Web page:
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Staminon Review – Ingredients, Side Effects, How to Use & Where to Buy

Expert opinion:

Not Recommended

What is Staminon?

Testosterone supplements are designed to increase levels of the hormone within the body, and help deliver the vim and vigor of younger years.

Marketed as a male potency tonic, the new Staminon supplement is made in the U.S.A and combines natural ingredients claimed to promote male vitality, sexual function and longer erections.1

Find out everything you need to know about this testosterone supplement in our unbiased, Staminon review.

Staminon review
Stamonin ingredients

While they may help companies protect their formula, proprietary blends may make it hard for customers to know what they’re paying for.

Staminon Ingredients

While the Staminon website highlights some of the ingredients in its proprietary blend, for unknown reasons they do not include the exact doses used.

Below, we break down the latest science behind each ingredient and explain the possible benefits of adding them to your workout routine.

Horny Goat Weed – Used in Traditional Chinese Medicine (TCM), horny goat weed is an herb claimed to increase testosterone, promote erections and act as an aphrodisiac.2,3 Preliminary studies show horny goat weed may improve atherosclerosis (hardening of the arteries), and one small study has noted increased sex drive for men with erectile dysfunction.3 It’s active component, icariin, may also promote nitric oxide production in the body but more research is required.2,3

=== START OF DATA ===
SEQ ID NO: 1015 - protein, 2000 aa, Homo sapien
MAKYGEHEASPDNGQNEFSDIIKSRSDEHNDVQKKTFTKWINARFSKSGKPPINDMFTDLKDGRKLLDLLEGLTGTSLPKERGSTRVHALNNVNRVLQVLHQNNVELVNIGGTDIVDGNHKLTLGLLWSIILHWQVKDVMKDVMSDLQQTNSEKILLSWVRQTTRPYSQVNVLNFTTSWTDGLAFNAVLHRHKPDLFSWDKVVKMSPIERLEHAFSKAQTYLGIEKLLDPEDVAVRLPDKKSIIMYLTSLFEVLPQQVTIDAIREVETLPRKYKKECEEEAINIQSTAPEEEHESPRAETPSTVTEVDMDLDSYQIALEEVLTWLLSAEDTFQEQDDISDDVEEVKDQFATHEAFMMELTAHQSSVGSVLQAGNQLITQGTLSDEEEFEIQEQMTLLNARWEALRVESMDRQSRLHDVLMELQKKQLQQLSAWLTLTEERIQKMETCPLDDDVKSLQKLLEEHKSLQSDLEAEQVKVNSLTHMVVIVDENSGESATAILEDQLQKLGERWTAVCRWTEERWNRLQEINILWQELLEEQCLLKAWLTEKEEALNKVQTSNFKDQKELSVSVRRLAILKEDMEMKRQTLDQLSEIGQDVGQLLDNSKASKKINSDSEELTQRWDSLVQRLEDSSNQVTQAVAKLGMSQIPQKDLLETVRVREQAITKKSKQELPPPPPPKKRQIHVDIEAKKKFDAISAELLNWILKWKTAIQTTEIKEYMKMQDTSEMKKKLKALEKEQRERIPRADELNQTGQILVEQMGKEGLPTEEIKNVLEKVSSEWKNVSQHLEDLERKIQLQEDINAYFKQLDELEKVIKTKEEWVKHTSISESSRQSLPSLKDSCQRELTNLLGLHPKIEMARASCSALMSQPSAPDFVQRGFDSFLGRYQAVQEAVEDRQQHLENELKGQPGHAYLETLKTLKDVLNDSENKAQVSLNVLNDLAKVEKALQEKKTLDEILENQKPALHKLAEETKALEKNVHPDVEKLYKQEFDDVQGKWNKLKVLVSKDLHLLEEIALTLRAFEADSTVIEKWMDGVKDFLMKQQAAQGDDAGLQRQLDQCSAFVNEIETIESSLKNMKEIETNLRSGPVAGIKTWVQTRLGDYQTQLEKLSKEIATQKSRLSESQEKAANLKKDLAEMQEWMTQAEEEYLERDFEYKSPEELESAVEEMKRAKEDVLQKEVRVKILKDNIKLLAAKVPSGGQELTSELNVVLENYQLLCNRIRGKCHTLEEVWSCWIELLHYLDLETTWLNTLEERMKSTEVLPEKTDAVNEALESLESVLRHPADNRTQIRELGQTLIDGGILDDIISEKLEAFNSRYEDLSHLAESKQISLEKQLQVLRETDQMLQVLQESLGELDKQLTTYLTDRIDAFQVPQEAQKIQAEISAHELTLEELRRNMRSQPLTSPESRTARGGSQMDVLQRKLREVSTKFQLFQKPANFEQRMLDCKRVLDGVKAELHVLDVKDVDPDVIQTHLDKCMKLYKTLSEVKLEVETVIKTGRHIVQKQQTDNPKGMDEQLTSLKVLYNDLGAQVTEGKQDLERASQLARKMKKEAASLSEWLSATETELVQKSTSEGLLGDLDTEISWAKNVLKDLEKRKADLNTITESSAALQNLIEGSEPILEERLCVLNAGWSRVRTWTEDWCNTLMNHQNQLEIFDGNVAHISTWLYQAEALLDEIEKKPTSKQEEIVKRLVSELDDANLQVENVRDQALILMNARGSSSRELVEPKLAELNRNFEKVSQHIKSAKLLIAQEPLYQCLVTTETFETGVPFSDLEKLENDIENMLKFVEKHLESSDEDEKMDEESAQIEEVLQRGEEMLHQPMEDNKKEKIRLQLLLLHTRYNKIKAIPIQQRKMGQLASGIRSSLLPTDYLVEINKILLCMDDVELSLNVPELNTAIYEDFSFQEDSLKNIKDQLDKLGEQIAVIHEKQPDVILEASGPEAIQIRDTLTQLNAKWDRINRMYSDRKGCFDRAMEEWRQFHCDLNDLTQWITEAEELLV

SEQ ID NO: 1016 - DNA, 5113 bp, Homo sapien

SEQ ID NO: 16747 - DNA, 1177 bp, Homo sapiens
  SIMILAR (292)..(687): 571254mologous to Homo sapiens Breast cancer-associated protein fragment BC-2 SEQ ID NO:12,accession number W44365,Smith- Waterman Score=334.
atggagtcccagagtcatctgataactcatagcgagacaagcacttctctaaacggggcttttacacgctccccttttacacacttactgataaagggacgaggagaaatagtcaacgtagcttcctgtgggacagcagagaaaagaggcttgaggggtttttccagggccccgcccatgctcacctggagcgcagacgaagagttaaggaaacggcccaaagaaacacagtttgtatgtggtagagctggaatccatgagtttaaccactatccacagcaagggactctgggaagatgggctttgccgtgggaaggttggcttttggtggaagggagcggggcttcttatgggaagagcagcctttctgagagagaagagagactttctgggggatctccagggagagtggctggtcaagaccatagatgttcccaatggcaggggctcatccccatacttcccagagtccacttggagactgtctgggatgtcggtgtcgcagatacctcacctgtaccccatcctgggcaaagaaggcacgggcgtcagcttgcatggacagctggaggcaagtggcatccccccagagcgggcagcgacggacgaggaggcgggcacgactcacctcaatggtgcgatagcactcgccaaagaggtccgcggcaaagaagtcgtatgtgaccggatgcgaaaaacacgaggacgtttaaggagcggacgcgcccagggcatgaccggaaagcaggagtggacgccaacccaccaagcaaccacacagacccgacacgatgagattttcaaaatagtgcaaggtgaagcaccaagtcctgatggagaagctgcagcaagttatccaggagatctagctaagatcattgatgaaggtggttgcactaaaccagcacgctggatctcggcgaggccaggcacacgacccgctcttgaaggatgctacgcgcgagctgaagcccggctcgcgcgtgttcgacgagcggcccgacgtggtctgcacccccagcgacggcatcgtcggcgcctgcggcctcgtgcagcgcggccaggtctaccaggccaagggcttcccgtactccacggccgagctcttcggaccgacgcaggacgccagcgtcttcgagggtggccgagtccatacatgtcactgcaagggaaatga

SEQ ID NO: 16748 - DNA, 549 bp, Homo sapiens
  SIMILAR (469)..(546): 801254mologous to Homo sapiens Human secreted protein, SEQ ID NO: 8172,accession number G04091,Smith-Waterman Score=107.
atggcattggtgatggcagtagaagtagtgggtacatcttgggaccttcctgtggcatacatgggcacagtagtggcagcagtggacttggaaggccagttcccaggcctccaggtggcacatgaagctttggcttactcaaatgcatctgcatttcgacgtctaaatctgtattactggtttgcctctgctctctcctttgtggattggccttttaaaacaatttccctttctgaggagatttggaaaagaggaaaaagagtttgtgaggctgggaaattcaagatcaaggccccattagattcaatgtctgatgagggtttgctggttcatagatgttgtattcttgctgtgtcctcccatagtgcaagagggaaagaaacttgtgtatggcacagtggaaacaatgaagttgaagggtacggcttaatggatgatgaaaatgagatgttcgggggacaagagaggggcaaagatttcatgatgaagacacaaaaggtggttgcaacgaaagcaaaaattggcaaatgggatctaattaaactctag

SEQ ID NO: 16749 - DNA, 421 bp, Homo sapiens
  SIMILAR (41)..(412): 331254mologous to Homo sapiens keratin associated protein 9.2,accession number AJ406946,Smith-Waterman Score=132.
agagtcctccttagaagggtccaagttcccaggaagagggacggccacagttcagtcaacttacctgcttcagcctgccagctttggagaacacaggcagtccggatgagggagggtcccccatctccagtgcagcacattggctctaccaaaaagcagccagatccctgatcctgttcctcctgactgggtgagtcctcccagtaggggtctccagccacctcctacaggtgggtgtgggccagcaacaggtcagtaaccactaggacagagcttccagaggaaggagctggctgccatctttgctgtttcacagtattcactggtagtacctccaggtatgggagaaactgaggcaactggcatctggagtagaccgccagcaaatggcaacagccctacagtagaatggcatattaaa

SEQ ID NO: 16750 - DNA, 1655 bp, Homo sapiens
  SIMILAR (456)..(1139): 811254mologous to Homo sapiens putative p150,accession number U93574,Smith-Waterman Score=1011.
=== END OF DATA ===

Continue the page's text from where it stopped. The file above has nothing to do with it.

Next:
Tongkat Ali – Tongkat Ali is another herb marketed to increase testosterone and act as a natural aphrodisiac.4 In vitro studies have demonstrated tongkat ali may have anti-estrogen effects, while preliminary human studies indicate that it may improve sperm quality and motility in infertile men.4,16

Saw Palmetto – Used in the 1900s to boost libido and increase sperm production, today saw palmetto is used as a popular alternative treatment for an enlarged prostate, or benign prostatic hyperplasia (BPH).5 While studies have provided mixed results, scientists think that saw palmetto may influence testosterone levels within the body. Few scientific studies have been conducted on the other marketed claims.5